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Notebook

Notebook, 1993-

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Z

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"Initially Zeus was the god of weather phenomena. He lit up the heavens, [nephelegeretis] moved the clouds, caused rain and snow, and hurled his thunder and thunderbolts. Later in time, because the Greek tribes lived mostly by cultivation of the soil, they gave him additional attributes associated directly with their lives, and from the god of the heavens and weather phenomena who determined the rainfall, frost, and the number of sunny days in the year, he became even more influential and soon was the foremost of the gods in the pantheon. Homer was the first to give him the attributes for which he was always to be known, and Hesiod was the second author to do so. Zeus became father of gods and men and all things depend upon him. The epithets given to him by the poets and his votaries are countless and number more than 150 and are typical of his many attributes. Zeus Xenios, Horkios, Nepheligeretis, Eunous, Iketes, Saviour, Father, Lyceios, and Olympios give the clues to the range of some of his responsibilities which are without number and are of a natural and ethical nature. One can thus say that his power had as foundation the dual supremacy of power and of wisdom. He was supreme among the gods, second to none, and limited in his universal power only by the mysterious dictates of Fate . . . . " [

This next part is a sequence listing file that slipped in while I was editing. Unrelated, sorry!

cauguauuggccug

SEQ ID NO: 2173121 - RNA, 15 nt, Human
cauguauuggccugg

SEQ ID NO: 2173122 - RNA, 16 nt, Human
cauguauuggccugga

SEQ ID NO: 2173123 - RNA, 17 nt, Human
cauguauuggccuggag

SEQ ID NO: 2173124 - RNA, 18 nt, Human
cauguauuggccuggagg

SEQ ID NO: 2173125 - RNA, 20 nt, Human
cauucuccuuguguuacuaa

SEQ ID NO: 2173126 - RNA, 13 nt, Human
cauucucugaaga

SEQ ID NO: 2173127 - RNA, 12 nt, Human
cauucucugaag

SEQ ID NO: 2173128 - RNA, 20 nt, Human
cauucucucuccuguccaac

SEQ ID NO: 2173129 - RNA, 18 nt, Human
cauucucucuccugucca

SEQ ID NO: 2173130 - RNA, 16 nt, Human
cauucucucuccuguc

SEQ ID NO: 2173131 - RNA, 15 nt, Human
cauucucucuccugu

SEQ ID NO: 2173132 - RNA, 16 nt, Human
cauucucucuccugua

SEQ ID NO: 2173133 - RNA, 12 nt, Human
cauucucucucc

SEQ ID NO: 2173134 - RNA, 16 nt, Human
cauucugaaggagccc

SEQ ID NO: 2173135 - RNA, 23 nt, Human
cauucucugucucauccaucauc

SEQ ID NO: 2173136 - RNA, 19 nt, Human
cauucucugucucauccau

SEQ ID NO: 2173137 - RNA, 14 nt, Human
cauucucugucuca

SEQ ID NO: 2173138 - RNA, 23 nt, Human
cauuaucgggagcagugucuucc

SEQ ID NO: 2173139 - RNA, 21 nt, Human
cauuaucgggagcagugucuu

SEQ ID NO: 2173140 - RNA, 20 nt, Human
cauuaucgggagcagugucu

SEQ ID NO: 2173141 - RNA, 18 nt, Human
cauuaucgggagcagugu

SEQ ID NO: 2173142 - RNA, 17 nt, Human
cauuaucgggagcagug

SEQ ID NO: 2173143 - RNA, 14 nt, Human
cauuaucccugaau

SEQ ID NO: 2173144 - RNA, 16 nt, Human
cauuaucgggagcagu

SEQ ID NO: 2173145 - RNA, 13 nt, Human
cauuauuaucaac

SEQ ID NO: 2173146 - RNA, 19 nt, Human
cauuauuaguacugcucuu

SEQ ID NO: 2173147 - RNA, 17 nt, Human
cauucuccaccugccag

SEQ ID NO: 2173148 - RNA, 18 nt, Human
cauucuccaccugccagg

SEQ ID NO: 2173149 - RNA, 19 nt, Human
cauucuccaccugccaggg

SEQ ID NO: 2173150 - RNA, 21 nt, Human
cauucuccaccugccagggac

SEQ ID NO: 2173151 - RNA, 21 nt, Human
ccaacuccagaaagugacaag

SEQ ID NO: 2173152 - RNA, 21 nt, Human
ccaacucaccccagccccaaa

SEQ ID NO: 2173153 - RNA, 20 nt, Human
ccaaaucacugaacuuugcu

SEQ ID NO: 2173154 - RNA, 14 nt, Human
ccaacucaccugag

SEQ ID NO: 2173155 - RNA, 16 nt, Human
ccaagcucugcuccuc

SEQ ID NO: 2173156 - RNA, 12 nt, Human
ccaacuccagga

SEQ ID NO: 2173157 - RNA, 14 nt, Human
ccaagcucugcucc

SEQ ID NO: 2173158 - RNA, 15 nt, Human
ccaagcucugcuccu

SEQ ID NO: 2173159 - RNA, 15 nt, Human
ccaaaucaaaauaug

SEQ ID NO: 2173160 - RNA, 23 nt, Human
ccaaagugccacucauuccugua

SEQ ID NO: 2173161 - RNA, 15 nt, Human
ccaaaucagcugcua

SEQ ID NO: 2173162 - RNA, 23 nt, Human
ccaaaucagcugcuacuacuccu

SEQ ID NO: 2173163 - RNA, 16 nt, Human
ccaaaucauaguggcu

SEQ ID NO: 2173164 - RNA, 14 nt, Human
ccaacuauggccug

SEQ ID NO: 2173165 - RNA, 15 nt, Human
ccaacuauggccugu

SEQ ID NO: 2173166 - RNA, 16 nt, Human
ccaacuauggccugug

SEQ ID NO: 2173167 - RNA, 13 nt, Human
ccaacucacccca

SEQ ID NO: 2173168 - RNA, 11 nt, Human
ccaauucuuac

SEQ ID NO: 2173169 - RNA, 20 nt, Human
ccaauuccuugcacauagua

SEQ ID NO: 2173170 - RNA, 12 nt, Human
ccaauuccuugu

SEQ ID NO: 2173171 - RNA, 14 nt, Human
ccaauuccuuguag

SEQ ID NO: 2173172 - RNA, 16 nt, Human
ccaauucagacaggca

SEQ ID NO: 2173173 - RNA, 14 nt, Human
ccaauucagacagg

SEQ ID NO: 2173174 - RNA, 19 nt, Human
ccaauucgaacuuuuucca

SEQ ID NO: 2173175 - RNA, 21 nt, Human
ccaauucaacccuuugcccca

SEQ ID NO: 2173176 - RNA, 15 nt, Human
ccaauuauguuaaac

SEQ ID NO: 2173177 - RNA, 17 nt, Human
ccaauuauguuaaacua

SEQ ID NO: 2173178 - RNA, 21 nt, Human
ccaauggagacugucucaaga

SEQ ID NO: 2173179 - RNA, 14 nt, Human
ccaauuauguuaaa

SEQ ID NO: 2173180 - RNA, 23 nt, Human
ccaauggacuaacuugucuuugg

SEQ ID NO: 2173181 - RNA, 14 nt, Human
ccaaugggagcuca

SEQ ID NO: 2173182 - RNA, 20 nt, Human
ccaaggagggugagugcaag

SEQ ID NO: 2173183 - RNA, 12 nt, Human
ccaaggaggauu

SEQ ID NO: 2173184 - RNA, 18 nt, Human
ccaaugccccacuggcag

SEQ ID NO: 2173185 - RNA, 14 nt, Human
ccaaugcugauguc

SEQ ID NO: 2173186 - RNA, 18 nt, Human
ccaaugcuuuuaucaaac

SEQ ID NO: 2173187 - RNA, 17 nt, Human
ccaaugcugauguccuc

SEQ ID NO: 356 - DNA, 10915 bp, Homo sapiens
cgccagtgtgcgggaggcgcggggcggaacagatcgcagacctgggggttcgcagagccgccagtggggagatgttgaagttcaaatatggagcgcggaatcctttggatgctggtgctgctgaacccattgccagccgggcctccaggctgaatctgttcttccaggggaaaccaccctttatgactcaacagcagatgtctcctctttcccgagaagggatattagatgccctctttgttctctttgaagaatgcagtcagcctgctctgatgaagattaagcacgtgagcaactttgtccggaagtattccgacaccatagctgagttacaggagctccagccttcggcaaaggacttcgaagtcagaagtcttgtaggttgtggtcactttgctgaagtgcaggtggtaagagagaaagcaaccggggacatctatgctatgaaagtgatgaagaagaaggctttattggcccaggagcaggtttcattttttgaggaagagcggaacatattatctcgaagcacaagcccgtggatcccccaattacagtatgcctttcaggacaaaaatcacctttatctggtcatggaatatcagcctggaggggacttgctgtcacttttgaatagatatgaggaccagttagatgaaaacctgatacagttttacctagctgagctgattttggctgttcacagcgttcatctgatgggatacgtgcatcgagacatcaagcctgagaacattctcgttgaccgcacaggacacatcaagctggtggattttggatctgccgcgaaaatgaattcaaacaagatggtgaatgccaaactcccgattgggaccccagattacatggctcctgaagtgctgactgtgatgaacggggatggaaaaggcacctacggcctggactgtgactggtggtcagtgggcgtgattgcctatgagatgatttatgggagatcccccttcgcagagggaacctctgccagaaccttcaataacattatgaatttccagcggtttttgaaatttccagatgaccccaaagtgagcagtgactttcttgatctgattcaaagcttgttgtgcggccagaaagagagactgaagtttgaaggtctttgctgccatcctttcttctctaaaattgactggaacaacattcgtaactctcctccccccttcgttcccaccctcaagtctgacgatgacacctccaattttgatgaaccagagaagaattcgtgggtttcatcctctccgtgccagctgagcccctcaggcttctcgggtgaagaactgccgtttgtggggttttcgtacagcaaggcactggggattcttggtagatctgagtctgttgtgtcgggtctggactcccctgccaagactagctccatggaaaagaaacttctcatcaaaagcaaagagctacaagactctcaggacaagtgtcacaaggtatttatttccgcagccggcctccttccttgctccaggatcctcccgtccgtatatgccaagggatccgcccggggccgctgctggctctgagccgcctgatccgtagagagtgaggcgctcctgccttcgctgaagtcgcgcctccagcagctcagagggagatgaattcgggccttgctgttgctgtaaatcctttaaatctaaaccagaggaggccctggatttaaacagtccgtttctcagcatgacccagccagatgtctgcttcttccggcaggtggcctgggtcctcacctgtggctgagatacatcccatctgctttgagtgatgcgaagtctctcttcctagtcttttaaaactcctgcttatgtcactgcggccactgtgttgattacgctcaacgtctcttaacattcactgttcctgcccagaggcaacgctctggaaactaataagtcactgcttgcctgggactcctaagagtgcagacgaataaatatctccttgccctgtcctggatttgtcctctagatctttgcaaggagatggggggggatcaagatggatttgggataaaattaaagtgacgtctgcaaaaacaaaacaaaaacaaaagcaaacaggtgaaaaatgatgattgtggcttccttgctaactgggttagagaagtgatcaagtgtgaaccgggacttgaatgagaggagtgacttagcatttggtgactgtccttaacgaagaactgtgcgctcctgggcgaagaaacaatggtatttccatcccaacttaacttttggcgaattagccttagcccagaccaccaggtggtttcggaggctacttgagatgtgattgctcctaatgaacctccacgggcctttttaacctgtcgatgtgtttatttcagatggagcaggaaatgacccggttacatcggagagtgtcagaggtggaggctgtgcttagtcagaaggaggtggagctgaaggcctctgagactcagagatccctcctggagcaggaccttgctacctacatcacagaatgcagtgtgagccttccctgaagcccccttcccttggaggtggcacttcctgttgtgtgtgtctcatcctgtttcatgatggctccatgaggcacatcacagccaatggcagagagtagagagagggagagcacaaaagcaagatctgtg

Zeus]




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Zephyros . . . . . Zeus [Jupiter] . . . . . Ziusudra










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